It's not every day commuters are given the opportunity to sample emu kabana with Pepperberry crusted Cheddar on their ride to work.

Charcoal Lane, our social enterprise restaurant based in Fitzroy, VIC has teamed up with Yarra Trams for their inaugural Community Partnerships Program. We are one of eight community organisations chosen to design artwork to wrap an iconic Melbourne tram in a vivid celebration of the restaurant, Aboriginal culture and native food.

The design chosen, which launched at the end of Homelessness Week, was created by Wurundjeri-willam artist, Mandy Nicholson, representing native, indigenous ingredients that feature on the restaurant's modern Australian menu. It will catch the eye of commuters for three months.

yarra tram

"It was such a fantastic and humbling surprise to hear that Charcoal Lane has been given this great opportunity to wrap one of Melbourne's iconic trams with a unique artwork. From the outset, we wanted to work closely with the local community and be led by them on this project. We are thankful for the support and guidance of the Wurundjeri Tribe Council in helping shape our ideas into reality," Nick Temple, Restaurant Manager said.

Charcoal Lane enables Aboriginal and other young people to gain both accredited hospitality qualifications and professional experience within a supportive developmental environment. On completing traineeships at the restaurant, young people are well prepared to move into careers in hospitality or other industries.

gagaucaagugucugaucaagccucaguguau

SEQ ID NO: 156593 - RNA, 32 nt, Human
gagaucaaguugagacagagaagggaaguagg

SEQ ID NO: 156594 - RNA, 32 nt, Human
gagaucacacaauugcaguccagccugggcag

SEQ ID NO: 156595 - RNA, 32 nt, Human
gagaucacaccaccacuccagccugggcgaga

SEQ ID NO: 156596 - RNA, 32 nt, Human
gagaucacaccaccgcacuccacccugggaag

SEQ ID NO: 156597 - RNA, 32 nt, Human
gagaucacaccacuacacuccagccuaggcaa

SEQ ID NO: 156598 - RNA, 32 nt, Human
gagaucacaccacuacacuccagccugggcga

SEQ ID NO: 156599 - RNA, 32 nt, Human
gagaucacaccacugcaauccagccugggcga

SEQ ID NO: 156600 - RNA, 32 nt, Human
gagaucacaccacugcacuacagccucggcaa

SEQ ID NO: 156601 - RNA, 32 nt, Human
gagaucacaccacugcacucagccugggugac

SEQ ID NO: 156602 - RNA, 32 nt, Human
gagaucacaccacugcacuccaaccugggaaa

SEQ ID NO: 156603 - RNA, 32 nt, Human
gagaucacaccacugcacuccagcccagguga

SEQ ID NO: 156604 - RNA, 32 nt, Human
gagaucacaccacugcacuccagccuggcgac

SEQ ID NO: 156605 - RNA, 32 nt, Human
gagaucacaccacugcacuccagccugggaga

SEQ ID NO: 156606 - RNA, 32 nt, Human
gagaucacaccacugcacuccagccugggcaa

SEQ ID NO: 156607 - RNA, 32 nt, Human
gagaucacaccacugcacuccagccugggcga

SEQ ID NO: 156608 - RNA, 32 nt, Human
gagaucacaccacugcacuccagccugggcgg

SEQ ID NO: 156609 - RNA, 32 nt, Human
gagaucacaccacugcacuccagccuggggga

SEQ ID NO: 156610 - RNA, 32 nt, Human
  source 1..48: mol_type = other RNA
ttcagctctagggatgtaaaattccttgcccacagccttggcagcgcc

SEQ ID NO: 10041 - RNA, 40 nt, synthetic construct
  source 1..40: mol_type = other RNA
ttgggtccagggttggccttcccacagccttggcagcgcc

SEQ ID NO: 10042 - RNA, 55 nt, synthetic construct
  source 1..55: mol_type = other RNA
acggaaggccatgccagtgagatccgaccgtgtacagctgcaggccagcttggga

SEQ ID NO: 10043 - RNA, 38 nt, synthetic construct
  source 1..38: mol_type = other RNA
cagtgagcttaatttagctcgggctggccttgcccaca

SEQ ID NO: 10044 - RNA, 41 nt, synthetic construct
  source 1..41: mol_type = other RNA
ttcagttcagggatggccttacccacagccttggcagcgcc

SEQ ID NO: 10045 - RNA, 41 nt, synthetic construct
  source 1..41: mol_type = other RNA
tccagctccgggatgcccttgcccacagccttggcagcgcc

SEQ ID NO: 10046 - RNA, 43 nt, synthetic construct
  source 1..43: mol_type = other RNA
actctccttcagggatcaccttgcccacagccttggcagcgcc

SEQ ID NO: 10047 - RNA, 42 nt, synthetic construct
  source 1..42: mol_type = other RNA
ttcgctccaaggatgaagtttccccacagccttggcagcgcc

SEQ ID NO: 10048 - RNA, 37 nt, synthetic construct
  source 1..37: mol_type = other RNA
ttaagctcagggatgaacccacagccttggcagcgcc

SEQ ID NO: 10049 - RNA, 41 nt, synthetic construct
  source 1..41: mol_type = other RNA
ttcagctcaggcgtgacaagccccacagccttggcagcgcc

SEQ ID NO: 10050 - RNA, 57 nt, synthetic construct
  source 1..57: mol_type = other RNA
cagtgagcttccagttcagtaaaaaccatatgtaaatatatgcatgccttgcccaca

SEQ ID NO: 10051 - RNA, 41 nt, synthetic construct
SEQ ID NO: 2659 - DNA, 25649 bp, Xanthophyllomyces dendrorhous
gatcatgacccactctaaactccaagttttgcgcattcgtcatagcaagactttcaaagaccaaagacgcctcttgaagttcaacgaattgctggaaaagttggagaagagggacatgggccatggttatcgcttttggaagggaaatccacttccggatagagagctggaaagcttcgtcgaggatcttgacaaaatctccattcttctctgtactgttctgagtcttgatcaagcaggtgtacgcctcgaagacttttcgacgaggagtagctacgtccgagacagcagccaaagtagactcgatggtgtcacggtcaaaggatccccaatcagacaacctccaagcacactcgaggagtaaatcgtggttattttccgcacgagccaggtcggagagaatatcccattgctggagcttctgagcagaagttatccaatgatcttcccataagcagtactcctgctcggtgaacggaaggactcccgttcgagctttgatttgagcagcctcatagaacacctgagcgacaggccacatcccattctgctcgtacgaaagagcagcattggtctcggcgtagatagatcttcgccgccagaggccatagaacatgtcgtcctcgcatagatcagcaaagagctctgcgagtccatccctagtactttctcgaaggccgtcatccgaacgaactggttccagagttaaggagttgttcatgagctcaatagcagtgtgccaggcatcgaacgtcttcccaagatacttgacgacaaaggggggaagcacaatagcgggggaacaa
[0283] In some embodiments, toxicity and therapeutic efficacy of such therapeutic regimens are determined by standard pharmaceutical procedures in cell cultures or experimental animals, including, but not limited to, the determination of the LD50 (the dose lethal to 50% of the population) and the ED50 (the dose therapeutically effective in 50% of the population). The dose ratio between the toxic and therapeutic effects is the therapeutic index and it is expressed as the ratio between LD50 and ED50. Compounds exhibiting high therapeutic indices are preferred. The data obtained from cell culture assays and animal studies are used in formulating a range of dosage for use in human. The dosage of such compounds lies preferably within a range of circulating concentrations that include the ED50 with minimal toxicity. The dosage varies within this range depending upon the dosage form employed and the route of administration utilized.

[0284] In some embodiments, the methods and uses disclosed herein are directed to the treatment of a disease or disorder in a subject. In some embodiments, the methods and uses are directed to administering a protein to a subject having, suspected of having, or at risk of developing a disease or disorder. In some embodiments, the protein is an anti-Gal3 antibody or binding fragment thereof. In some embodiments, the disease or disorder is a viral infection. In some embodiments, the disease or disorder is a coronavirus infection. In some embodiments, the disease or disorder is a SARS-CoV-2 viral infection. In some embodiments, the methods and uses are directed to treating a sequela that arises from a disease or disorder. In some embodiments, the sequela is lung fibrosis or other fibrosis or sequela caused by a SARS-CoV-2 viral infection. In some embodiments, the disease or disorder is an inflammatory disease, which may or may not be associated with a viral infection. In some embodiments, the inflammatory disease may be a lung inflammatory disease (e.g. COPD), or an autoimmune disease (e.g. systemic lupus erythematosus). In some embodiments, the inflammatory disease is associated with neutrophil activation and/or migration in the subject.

When the tram design launched, trainees and restaurant staff gave passengers on board the tram a taste of native ingredient canapés like orange & almond meal cakes with River Mint icing.

yarra tram

Nick says he hopes the tram artwork will inspire the public to visit Charcoal Lane and in turn, learn more about Aboriginal culture.

"Our dining experience showcases ingredients most of our guests have never encountered and we relish each and every opportunity to share our knowledge. We hope the artwork encourages tram commuters to stop off at Charcoal Lane, and grow in their knowledge of Aboriginal history and culture," he said.

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